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posted: 11/1/2012 6:00 AM

'Ralph' star Reilly a gamer at heart

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  • John C. Reilly voices the title character in "Wreck-It Ralph."

    John C. Reilly voices the title character in "Wreck-It Ralph."

  • John C. Reilly voices the title character in "Wreck-It Ralph."

    John C. Reilly voices the title character in "Wreck-It Ralph."
    Associated Press

By Jen Chaney
The Washington Post

John C. Reilly -- the Academy Award-nominated actor, musician and one-time on-screen "Step Brother" of Will Ferrell -- surely knows something about video games. He provides the voice of the main character in Disney's "Wreck-It Ralph," a movie steeped heavily in arcade culture. He was a teenage boy when the digital toys of the Atari era were first unleashed on the joystick-obsessed youth of America. Yes, he seems like the kind of guy who would do well on a retro-video-game-trivia quiz, which is why this writer attempted to give him one during a recent phone interview and the affable Reilly agreed to participate ... until he heard some of the questions.

"Let's skip the quiz," Reilly, 47, suggested after we got to quiz item No. 3. (Which famous journalist endorsed the home video game console Intellivision? Answer: George Plimpton. Yes, the questions might have been a little obscure.) "All the gamers will be mad at me" for not knowing the answers, he said.

No, it's too hard to be mad at Reilly, especially when he compensates for the quiz mishap by confessing that he once was obsessed with Space Invaders and also enjoys a quality round of Touch Tanks on his iPad.

Q. Were you ever really into video games?

A. I was of the first generation of people that had video games come into their lives. I remember when Space Invaders arrived in the bowling alley where I used to hang out. Going from pinball machines to Space Invaders was such a quantum leap. People forget now -- we're so used to computers and all of our ability to interact with media the way we do now. When Space Invaders came out, there were no computers, no cellphones -- I mean, I think VCRs were invented, but we didn't have one in my house. So just the idea to be able to manipulate something on a screen was really groundbreaking. It was super-exciting. So needless to say, I spent a lot of money and time ...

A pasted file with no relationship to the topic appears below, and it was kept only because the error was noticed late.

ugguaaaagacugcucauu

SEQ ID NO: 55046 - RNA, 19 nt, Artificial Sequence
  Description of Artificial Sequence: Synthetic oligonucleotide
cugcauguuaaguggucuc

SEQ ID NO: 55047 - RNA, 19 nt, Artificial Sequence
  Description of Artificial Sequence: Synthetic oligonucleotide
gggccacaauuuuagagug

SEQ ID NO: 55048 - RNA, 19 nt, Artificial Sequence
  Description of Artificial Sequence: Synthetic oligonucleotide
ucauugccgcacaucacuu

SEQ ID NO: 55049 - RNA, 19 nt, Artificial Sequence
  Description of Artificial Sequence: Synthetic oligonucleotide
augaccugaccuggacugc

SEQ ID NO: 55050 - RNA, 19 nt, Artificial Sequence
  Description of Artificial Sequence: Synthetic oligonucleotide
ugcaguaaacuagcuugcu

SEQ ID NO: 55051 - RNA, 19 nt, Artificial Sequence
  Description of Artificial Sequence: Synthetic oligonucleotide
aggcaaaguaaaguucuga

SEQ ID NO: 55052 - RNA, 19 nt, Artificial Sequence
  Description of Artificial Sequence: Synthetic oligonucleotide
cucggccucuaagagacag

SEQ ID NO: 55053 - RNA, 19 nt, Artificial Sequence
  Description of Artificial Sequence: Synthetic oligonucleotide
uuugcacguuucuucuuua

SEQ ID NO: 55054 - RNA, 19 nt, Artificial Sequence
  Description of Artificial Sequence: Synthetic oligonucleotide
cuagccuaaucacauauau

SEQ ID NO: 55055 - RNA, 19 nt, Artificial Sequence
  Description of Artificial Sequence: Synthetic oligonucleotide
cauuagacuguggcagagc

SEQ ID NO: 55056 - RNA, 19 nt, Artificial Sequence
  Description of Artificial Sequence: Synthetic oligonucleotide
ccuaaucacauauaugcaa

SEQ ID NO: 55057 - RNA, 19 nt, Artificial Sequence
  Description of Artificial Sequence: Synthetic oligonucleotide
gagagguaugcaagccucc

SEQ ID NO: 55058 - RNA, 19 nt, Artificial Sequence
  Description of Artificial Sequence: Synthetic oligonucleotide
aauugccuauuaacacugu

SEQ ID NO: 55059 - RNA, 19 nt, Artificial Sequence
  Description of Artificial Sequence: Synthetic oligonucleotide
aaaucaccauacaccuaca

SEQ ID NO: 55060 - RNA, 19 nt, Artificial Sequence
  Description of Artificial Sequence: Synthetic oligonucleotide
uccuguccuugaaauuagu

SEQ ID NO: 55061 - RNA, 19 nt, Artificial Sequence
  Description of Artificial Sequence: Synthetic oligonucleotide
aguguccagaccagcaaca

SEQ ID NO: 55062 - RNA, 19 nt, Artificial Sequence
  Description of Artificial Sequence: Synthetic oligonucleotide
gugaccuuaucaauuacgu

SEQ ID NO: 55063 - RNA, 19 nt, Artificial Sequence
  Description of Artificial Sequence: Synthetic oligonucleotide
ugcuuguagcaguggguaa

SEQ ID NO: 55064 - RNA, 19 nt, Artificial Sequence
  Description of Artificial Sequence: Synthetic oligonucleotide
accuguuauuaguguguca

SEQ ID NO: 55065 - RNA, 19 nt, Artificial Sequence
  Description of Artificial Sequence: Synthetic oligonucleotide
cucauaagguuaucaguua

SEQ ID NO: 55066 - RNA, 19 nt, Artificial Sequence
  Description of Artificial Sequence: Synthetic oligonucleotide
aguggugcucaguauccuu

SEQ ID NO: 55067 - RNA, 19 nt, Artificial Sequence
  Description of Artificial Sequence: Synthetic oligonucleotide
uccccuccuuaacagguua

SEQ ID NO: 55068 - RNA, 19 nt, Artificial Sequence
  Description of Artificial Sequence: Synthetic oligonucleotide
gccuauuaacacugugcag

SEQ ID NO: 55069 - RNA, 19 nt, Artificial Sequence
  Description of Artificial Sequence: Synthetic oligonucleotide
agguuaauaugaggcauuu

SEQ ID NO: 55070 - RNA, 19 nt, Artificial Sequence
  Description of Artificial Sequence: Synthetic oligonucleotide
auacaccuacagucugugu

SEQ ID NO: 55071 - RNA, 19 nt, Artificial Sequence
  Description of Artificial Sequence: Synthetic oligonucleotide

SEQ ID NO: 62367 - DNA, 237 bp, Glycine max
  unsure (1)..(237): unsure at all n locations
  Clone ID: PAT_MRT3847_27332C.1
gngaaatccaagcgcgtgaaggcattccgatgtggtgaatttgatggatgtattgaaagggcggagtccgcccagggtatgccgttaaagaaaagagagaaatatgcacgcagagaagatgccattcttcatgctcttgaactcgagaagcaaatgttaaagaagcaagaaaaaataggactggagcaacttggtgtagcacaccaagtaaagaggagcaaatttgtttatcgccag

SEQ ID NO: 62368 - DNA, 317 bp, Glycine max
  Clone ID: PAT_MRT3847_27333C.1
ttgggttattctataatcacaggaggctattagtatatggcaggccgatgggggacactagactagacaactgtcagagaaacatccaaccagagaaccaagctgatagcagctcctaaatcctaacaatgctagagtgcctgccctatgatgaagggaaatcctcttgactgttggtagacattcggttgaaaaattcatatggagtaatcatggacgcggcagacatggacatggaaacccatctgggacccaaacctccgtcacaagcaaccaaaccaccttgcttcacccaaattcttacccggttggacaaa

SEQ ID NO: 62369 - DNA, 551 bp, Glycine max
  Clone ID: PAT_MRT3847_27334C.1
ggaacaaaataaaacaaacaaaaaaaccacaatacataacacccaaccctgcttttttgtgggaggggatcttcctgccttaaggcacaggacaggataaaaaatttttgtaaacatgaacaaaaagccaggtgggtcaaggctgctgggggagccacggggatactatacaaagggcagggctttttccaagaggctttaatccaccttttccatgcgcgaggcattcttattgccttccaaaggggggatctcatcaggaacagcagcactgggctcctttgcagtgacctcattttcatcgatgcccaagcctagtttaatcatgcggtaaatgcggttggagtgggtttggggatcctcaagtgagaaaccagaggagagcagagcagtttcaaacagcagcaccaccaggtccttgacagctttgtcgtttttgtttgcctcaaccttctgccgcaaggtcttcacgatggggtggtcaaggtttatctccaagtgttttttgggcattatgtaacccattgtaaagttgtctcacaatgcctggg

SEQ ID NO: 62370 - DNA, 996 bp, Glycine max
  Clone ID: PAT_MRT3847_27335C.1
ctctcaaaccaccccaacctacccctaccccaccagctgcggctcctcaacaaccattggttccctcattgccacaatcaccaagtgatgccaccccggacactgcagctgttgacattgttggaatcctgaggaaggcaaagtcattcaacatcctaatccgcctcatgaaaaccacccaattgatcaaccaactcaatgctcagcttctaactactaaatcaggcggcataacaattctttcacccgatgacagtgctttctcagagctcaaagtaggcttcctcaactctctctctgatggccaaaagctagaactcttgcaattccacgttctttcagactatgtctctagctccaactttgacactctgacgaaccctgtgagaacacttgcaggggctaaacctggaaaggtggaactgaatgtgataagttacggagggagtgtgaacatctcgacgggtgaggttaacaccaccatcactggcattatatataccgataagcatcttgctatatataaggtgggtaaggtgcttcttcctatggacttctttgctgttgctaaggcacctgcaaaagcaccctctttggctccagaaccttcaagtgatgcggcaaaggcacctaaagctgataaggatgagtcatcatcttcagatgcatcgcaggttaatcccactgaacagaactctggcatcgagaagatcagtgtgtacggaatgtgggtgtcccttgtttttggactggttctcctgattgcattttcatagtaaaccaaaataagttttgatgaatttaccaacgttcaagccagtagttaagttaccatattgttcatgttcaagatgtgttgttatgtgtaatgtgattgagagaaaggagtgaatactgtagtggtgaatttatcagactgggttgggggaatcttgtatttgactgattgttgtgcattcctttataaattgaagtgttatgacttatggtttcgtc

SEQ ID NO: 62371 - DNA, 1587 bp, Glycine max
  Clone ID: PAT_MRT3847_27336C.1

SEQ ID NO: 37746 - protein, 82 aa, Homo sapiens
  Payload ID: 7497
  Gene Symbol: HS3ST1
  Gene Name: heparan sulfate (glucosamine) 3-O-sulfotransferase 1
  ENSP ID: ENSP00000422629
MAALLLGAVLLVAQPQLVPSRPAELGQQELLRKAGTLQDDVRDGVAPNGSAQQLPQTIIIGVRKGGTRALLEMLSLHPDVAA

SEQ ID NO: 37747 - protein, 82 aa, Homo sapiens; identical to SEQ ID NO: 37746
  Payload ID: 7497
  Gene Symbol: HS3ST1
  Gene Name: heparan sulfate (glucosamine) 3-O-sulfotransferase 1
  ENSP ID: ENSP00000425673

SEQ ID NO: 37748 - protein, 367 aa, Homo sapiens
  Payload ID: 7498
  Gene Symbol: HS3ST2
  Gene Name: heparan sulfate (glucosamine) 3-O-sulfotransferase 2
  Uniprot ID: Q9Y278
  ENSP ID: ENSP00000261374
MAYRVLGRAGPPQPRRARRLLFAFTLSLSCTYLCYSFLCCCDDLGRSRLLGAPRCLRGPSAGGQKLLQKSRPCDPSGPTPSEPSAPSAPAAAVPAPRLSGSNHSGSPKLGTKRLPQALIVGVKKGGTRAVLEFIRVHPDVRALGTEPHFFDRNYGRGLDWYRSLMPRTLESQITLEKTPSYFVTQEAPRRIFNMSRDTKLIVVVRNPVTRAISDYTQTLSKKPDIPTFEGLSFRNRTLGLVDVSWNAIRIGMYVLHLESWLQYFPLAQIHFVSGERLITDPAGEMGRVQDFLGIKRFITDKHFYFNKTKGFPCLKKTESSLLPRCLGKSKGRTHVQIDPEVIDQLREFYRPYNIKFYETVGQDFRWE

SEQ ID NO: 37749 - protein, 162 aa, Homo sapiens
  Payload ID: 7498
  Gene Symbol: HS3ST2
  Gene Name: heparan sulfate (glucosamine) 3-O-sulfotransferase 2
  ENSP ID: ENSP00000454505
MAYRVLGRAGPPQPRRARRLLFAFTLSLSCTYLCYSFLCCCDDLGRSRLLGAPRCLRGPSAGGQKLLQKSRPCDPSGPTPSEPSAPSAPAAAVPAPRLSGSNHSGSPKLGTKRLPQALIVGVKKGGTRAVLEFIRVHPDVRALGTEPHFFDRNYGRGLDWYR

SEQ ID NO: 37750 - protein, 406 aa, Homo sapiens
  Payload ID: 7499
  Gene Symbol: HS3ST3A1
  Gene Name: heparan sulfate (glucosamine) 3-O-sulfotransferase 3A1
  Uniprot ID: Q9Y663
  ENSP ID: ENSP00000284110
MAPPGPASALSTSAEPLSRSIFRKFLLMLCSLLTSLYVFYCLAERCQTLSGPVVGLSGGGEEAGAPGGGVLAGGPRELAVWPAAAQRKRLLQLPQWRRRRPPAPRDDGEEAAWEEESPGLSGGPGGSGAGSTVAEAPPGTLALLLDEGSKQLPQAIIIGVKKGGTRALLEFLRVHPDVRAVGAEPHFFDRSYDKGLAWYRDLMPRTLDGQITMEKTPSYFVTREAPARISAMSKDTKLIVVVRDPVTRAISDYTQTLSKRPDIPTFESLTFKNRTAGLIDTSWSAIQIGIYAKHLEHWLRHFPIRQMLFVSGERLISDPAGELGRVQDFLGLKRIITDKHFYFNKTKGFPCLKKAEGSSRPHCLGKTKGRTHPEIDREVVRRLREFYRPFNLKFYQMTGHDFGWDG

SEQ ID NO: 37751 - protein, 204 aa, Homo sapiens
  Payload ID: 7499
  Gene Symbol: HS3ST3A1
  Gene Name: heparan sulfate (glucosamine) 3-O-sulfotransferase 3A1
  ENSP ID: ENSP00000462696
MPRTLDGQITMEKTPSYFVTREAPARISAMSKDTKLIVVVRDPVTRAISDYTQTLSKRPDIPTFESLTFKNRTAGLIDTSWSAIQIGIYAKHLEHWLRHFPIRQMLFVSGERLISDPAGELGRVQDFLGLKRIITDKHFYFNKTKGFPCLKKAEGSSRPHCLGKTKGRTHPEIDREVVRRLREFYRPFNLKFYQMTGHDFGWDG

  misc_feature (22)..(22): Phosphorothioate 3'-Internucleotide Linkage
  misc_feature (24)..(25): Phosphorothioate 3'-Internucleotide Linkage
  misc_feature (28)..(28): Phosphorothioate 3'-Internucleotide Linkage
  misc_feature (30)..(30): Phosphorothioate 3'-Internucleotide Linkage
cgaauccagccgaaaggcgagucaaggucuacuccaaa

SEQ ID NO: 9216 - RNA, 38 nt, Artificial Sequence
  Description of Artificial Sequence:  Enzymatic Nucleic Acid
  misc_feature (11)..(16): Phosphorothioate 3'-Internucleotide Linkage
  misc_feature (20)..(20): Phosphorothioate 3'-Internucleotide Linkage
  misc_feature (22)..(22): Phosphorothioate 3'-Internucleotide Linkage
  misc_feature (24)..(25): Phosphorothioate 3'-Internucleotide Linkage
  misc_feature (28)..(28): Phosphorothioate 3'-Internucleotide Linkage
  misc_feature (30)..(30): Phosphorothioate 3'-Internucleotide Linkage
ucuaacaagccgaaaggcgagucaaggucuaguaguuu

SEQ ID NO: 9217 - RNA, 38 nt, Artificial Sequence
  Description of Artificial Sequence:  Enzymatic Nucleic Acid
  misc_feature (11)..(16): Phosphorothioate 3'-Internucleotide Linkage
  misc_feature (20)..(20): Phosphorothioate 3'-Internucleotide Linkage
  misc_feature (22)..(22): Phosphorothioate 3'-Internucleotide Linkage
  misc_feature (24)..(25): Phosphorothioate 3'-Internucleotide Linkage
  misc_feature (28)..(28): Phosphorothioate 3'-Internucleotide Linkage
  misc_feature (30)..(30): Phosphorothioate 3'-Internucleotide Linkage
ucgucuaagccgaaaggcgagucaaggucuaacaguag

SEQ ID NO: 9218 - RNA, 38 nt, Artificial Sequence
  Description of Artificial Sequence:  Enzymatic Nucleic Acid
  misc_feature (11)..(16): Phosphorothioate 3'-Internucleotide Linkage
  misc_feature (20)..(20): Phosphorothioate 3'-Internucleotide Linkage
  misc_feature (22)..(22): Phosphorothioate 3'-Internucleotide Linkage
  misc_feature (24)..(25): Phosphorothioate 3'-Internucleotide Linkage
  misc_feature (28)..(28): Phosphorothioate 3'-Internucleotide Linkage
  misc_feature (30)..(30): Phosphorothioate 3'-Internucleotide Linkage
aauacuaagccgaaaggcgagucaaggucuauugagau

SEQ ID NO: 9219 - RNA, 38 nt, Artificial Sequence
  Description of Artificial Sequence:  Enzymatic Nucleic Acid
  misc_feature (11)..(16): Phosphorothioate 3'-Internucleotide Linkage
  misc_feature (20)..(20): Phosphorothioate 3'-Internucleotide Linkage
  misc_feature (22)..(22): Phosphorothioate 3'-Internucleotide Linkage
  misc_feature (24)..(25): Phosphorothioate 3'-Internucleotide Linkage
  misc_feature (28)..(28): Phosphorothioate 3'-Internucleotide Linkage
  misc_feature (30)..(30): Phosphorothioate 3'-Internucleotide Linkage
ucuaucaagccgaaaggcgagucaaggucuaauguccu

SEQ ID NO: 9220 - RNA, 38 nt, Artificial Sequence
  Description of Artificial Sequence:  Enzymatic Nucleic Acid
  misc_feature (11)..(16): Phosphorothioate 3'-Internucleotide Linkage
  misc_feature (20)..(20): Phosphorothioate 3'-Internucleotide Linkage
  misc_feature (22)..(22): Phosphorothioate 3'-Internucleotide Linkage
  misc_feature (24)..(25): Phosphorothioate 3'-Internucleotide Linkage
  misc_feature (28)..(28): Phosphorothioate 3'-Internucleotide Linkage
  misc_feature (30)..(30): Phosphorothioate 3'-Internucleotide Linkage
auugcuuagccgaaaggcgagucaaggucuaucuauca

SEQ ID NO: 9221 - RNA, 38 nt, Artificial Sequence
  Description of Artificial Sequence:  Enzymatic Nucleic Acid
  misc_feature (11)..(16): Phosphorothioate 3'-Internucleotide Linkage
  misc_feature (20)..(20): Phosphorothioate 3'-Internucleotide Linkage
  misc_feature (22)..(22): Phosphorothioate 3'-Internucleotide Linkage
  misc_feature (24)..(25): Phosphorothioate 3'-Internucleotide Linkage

Q ... at the bowling alley.

A. At the bowling alley, and then at the convenience store on the corner. Wherever. Those games used to be everywhere. You could go into any kind of hot dog place and there would be a couple of machines in there.

Q. Do you play video games now?

A. Every once in a while, if I, like, have a cold or something and I'm laid up in bed for days. Recently I was, and there's so much stuff on the iPad to waste time like that. I ended up playing this game called Touch Tanks, which is ... basically just moving a tank around a board and blowing up other tanks. It doesn't get any more complicated than that. In general, those are the sorts of things that I'm drawn to, as opposed to things where you need to memorize the technical aspects of different weapons systems.

Q. My mind was blown when I realized that Jerry Buckner of Buckner & Garcia, the duo behind the '80s hit "Pac-Man Fever," contributed a song ("Wreck-It, Wreck-It Ralph") to the "Wreck-It Ralph" soundtrack. Did you have any input into the song since it focuses on your character?

A. (The filmmakers) asked me to sing that song. And I was like, well, I have a band and I do music. I've worked so hard to be taken seriously as a musician. I don't know that I want to be the guy to do the novelty song for the movie. I'm glad it worked out that way because you got the guys who do the Pac-Man song. I think they were better suited to it. I brought a bunch of kids to the premiere of the movie the other night, and they were dancing in the aisles to that song. I think they were the right choice for it.

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